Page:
In his 1974 work From the Dark Tower: Afro-American Writers 1900-1960, Arthur Davis makes the claim that Gabriel is so compellingly drawn that readers tend to overlook the book’s minor characters. Many readers may indeed find that to be true. Gabriel certainly is the most fully and compellingly drawn character. Nevertheless, critic Sandra Carlton-Alexander has argued convincingly that “short but rounded characterization was imperative given the demands of the unusual narrative technique” of Black Thunder, in which multiple points of view are used to tell the story.
Although Bontemps employs numerous characters, his characterizations are both clear and, when they have to be, succinct. For example, Pharaoh, the first slave to inform on Gabriel, is presented as jealous and untrustworthy. It is also clear that Gabriel sees him as such and so avoids giving Pharaoh any real responsibility in the rebellion.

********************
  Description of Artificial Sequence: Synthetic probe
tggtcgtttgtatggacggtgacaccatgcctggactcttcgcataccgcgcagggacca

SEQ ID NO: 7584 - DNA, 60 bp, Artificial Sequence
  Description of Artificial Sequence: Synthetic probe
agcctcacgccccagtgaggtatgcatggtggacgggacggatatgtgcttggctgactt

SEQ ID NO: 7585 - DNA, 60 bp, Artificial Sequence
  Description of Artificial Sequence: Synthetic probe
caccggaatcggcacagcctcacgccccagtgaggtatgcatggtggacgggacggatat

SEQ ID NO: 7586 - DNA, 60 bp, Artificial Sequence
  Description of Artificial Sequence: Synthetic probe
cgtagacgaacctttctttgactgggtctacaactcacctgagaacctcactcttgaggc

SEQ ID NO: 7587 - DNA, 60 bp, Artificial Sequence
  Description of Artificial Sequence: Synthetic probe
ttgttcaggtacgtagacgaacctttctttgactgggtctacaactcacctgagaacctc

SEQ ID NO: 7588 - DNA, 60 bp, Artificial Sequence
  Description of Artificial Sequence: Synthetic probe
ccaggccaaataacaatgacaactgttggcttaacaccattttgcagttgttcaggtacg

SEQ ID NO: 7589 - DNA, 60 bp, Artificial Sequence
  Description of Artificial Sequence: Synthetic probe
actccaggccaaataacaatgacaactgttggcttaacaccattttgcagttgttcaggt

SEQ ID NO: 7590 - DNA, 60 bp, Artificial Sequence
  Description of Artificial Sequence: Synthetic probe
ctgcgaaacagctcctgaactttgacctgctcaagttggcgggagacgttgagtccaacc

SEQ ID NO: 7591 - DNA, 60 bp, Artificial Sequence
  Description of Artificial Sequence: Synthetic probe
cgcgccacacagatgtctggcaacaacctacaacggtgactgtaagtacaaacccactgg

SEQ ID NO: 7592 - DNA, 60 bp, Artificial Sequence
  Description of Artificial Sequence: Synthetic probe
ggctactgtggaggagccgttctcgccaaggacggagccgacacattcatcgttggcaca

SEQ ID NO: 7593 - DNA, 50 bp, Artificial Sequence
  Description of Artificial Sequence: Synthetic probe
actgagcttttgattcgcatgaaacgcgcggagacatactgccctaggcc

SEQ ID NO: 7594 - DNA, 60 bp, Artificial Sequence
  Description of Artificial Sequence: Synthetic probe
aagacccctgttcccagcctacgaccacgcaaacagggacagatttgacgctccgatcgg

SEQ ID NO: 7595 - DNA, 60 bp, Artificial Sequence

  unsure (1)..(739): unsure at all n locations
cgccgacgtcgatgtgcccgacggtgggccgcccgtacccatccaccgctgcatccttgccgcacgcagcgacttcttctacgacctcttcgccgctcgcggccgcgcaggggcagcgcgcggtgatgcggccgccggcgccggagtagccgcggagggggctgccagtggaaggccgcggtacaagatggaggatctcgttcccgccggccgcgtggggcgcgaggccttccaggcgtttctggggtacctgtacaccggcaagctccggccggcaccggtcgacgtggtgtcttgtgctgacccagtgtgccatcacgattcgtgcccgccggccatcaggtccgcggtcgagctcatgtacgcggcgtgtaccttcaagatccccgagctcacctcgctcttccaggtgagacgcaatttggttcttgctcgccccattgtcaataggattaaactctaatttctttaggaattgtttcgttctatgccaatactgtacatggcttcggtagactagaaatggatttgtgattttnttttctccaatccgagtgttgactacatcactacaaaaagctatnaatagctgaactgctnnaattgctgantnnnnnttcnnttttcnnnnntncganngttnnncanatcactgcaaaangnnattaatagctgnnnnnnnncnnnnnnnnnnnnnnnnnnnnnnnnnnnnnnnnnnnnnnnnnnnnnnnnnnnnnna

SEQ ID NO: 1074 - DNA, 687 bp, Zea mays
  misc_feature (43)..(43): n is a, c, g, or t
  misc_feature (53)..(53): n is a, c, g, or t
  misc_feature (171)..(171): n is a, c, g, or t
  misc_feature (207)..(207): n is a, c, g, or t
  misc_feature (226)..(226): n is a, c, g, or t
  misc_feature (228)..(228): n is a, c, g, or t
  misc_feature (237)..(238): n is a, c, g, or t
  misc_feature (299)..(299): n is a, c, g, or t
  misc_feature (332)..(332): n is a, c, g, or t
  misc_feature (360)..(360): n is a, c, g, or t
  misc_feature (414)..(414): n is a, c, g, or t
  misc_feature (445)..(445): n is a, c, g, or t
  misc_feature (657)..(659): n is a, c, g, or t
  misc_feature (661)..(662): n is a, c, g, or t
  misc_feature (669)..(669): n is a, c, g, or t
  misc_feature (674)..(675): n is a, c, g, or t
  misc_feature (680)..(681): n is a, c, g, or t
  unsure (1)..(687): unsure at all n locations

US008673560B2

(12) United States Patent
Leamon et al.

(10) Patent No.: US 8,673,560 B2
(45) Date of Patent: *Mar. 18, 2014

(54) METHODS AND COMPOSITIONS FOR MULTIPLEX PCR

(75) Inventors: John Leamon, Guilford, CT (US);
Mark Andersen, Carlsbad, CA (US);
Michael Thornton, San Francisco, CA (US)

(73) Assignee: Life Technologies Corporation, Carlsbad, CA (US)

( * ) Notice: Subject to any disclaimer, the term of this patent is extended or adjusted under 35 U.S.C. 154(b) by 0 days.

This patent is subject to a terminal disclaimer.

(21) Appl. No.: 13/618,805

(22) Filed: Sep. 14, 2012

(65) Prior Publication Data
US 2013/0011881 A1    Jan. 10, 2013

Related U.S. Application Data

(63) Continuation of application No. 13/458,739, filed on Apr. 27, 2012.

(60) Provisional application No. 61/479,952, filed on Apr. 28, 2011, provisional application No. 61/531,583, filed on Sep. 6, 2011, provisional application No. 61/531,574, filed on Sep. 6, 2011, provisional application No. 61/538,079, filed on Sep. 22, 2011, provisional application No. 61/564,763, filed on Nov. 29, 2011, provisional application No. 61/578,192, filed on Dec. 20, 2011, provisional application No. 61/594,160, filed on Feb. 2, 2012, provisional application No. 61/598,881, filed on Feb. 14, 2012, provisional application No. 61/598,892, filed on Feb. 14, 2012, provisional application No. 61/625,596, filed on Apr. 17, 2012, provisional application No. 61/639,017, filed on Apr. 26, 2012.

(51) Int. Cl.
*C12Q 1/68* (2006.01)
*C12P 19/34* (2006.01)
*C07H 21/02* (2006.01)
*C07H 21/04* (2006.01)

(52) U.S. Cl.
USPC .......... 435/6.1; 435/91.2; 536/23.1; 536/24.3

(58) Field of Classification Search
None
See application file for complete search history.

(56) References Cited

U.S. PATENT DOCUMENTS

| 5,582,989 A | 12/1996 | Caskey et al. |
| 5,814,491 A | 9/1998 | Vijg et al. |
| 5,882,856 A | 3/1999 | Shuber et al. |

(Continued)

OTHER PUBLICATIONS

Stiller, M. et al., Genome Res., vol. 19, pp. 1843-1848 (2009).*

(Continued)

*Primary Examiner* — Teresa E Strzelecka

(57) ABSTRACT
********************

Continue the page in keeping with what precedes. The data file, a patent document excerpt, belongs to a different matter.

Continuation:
By contrast, the people whom Gabriel does invest with some authority are shown to be trustworthy, useful men. Mingo, besides having the relative mobility freedom allows him, brings a priceless ability to the rebellion through his ability to read, which allows him to keep lists and records. General John is presented as being a crafty strategist, although he gets caught after the rebellion while trying to escape to Philadelphia to find Alexander Biddenhurst. Of Gabriel’s close friends, however, Ditcher is presented most...
(The entire section is 599 words.)